Paul R. Misencik. George Washington and the Half-King Chief Tanacharison: An Alliance that Began the French and Indian War. Jefferson: McFarland & Company, 2014. 212 pp. $35.00 (paper), ISBN 978-0-7864-7950-4.
Reviewed by Deena Parmelee
Published on H-War (February, 2015)
Commissioned by Margaret Sankey (Air War College)
Paul R. Misencik promises many things in his preface, including analysis of the relationship between George Washington and Seneca half-king Tanacharison and the impact of that relationship on the start of the French and Indian War. Additionally, he intends to depict the relationships between the French, the English, and the several Native American nations (and their factions), and the ways those relations affected the coming of war. A tall order, especially in fewer than two hundred pages.
Misencik is at his best describing the intricate and often conflicting motives of the colonial governments, colonial business interests, the British government, the French, the Iroquois Grand Council, Delawares, Senecas, Shawnees, and others who were living in or hoped to live in the Ohio territory. Within any, if not all, of these groups there were internal conflicts of interest that further complicated decision making and interactions among them. For a brief span, some two-thirds of the way through the book, Misencik does an excellent job sorting out the impact of these myriad complications in a way that is clear without oversimplification. Unfortunately, it takes that long for him to stop providing jumbled, overly detailed back story heavily populated with random names of politicians, Native American leaders, traders, and military figures on all sides, usually accompanied by every known detail of their lives.
One nice feature is that there are eight maps and battle diagrams; unfortunately, they are not always the ones that might be useful to readers who do not have current and eighteenth-century maps handy for reference. Misencik overwhelms us with historical place names, often with additional information about what different groups of people called particular places and how those names changed over time. He sometimes provides nearby modern place names as references--but never provides a map displaying most of the places, let alone one showing both historical and modern places. It is, however, nice to see a book in which geography plays such a central role in events include as many maps as this one does.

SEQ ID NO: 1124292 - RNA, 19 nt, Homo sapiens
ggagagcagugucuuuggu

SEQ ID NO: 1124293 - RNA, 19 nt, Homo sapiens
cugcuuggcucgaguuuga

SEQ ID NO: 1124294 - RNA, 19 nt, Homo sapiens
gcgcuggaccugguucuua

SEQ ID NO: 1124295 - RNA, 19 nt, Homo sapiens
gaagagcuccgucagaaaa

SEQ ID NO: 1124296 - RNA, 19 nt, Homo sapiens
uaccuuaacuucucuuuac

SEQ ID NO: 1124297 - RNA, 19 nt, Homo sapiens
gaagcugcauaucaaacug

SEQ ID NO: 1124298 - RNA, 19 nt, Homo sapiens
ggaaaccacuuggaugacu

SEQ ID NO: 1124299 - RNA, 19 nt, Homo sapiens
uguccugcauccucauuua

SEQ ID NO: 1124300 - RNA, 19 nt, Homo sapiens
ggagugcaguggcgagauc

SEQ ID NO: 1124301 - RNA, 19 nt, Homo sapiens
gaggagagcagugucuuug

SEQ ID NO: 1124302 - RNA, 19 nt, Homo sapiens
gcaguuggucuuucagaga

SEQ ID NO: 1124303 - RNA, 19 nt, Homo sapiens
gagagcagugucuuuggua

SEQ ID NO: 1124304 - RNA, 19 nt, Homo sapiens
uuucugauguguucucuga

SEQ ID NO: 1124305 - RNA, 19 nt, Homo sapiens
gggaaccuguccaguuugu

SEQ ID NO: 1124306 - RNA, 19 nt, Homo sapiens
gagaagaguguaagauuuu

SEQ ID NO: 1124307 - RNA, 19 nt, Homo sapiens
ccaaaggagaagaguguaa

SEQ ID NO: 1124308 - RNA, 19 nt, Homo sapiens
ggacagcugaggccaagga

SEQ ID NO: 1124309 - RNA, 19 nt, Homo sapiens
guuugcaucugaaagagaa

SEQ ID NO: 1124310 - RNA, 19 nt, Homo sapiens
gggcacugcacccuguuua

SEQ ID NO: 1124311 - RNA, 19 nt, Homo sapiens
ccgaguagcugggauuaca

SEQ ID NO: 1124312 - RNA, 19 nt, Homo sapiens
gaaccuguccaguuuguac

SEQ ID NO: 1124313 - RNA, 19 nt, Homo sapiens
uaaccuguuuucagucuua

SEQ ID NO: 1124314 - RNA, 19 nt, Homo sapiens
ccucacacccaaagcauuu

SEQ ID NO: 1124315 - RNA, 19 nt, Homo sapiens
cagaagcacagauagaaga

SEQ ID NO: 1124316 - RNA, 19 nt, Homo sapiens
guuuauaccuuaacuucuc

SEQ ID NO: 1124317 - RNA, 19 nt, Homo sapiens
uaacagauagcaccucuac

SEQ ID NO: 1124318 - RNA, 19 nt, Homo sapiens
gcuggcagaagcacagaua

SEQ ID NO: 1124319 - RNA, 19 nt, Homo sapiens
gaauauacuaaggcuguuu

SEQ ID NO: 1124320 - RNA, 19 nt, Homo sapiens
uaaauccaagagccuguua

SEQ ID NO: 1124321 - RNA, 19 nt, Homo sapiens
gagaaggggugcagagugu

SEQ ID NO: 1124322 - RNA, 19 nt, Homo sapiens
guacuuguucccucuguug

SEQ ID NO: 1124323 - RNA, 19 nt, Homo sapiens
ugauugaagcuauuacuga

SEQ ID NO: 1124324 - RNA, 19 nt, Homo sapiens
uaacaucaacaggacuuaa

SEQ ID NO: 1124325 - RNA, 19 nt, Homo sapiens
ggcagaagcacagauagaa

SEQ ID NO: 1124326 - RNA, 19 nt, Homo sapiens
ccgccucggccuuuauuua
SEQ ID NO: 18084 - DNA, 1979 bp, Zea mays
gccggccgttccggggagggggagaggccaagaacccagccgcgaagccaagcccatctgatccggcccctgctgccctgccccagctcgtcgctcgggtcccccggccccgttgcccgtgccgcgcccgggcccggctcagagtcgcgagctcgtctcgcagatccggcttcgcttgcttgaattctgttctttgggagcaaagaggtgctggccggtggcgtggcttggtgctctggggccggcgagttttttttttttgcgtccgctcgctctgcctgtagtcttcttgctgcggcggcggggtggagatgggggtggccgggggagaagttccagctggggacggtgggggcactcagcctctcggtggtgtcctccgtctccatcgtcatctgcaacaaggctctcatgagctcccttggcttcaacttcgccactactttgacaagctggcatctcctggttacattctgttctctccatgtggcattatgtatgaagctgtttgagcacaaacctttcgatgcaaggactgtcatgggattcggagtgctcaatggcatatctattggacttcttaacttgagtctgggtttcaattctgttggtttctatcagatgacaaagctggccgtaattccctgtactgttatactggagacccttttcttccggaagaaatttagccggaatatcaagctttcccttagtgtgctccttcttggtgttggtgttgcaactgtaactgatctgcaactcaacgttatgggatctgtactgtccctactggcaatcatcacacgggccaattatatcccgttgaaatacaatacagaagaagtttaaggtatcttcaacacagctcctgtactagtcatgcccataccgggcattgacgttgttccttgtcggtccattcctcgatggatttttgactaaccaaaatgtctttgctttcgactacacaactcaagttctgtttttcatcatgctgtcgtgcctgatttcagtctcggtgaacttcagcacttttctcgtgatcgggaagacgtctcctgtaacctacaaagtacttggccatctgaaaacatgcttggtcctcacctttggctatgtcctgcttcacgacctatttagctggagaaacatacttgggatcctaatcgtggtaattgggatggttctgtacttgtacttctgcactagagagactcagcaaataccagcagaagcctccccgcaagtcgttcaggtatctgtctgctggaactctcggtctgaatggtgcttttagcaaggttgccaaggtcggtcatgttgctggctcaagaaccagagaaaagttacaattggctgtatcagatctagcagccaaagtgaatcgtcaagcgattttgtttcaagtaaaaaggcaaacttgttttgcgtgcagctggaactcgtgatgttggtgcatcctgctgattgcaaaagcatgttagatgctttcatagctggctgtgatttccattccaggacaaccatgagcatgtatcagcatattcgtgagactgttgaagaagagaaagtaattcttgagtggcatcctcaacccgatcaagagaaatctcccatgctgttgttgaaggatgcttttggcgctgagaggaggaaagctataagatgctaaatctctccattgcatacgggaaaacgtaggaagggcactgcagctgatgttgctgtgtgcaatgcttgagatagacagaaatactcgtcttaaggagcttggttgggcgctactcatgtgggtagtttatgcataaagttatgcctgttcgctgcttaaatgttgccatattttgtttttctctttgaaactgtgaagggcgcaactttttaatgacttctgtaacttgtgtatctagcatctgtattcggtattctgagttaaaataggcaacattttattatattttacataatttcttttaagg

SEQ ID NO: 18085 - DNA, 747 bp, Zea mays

Misencik’s desire to analyze the relationship between George Washington and Tanacharison and its impact on the start of the French and Indian War is reasonable, but the execution has weaknesses with regard to content and methodology. One is that Misencik often contradicts himself; for example, he tells us that Washington and his officers “studied the document [the Articles of Capitulation offered to Washington by Captain Sieur Louis Coulon de Villiers at Great Meadows, July 3, 1754] throughout the night” (p. 145). Yet only two pages later, while discussing Washington’s attempts to justify the loss at Great Meadows and his signature on what amounted to a confession of murder, Misencik says, “Washington … may not have devoted the attention to the document that it deserved” (p. 147). This is one example, but the problem occurs several times.
Another problem in the same vein is Misencik’s apparent conclusion that Tanacharison started the war. He does not say so outright, but throughout the book credits Tanacharison with manipulating Washington, or events: “He had worked hard to force a fight between England and France … ” (p. 130) (despite frequently describing Tanacharison’s annoyance that Washington refused to follow his advice). Considering how well Misencik untangles the complexities of motives and relations that led to the events of 1754, it is surprising how often he implies that the whole start-up of the war was Tanacharison’s doing.
It might be possible to dismiss some of these weaknesses, but from a methodological viewpoint, the final one is the most significant. Misencik may be writing for a popular audience rather than a scholarly one because there is a noticeable shortage of citations in this book. Many of the citations are discursive, which can be helpful, but they often lack any source references for the sections of text covered. There are direct quotations for which there are no citations (for example, p. 123). Since Misencik claims to be explaining what Tanacharison, and other Native leaders, thought and felt, sources and citations for material so notoriously tricky to tease out are particularly important. Further, some of the sources are rather problematic. In at least one instance, Misencik attributes reasoning and motive to Tanacharison by citing a book that is essentially a nineteenth-century antiquarian secondary work rather than a primary source (p. 110 and p. 185n29). Given the centrality of Tanacharison’s motives to Misencik’s entire work, a stronger pool of sources would have provided firmer underpinning than this one does. If Misencik offered this project as a synthesis, such source weaknesses would not be problematic, but his contention is that this book provides a new interpretation of the relationship between Washington and Tanacharison. Documents written by Washington, of which Misencik makes excellent use, should not also be the only primary source material about Tanacharison. In short, Misencik offers some nuggets of interesting analysis and flashes of clarity into a complex situation and time, but this book also has grave weaknesses.
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Deena Parmelee. Review of Misencik, Paul R., George Washington and the Half-King Chief Tanacharison: An Alliance that Began the French and Indian War.
H-War, H-Net Reviews.
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